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Golden-headed cisticola (Cisticola exilis), a species of warbler found across northern and eastern Australia. Image Credit: James Niland/flickr (CC BY 2.0)

Why do birds sing in the morning?

  • BY Professor Les Christidis |
  • May 10, 2017

They're nature's alarm clock, but have you ever wondered why birds serenade us at sunrise? We asked an expert.

WHETHER YOU FIND the phenomena to be a rude awakening or a welcome natural alarm clock, most of us have experienced unusually lively birdsong in the morning – an energetic chorus that can start before sunrise and last for several hours.

But why do birds sing more in the morning? A number of explanations have been put forward to explain the ‘dawn chorus’, when birds are at their most vocal – their songs louder, livelier and more frequent than at other times of day.

The dawn chorus can start at different times, usually 30–90 minutes before sunrise, depending on the species of bird and season. The intensity of the chorus will be loudest during the breeding season.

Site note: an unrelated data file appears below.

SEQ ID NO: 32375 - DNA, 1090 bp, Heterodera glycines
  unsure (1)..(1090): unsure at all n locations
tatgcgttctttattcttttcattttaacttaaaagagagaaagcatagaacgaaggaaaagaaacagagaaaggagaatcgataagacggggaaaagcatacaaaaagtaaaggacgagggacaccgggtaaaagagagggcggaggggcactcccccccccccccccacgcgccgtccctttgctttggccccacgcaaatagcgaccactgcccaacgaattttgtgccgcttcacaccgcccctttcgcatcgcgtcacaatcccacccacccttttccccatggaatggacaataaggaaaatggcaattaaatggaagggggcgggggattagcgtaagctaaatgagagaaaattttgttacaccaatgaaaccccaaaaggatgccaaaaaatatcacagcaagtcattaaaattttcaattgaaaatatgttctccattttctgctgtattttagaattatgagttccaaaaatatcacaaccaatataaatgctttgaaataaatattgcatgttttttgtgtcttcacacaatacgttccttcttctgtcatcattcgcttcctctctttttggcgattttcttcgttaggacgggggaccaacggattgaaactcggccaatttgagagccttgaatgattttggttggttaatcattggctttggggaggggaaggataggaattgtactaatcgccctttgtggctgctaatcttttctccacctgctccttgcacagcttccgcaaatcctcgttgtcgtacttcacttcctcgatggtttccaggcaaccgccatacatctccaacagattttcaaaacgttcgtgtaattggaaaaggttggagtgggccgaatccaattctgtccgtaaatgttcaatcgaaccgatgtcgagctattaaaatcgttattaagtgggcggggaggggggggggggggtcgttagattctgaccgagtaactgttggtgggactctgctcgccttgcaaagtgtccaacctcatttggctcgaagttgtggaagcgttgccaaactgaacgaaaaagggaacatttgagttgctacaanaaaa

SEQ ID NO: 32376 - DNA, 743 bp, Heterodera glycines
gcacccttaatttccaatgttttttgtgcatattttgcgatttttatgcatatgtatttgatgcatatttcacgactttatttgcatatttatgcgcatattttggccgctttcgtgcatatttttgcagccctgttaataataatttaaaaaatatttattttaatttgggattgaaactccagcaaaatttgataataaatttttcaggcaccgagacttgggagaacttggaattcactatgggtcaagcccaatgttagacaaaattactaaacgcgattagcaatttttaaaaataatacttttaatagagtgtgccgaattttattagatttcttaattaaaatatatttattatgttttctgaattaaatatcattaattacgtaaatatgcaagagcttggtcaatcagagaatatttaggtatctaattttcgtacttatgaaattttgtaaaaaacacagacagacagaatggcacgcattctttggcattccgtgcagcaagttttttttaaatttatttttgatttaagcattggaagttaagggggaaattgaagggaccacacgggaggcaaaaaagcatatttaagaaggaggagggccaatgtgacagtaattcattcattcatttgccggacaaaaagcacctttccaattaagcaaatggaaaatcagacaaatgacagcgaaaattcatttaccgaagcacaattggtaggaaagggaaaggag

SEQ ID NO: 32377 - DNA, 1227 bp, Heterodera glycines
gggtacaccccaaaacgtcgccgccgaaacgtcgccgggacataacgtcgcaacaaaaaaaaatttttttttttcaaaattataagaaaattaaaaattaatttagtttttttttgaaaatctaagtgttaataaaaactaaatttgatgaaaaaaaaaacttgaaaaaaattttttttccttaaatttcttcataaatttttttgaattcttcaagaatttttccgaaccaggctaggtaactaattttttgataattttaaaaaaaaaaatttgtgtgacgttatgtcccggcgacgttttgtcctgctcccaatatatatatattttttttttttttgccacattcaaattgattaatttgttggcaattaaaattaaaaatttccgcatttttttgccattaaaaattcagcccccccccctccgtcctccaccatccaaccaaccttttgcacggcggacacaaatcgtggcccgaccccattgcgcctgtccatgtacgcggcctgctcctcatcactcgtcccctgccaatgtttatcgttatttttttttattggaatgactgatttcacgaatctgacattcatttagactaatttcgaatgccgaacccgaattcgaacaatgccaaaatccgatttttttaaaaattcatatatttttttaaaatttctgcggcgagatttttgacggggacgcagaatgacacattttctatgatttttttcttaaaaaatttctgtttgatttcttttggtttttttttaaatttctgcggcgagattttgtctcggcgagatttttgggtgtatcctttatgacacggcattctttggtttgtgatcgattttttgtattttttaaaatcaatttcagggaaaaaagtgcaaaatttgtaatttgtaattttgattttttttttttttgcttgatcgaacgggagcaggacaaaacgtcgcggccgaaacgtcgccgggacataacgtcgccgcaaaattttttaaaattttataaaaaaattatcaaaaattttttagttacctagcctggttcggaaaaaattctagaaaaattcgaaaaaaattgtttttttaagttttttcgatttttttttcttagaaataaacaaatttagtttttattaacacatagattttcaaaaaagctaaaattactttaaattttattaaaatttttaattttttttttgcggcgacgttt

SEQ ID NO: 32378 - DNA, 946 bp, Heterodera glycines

Because it is generally males that do most of the singing and calling, the most likely explanation is that they are reconfirming their territories and letting females know of their whereabouts.

Also, as light levels are poor this early in the day, foraging is not practical, and so males are taking the opportunity to warn off rival males while females are listening out for a suitable mate based on song quality. 

Professor Les Christidis, from Southern Cross University, NSW, is one of the world’s leading experts on Australian birds.

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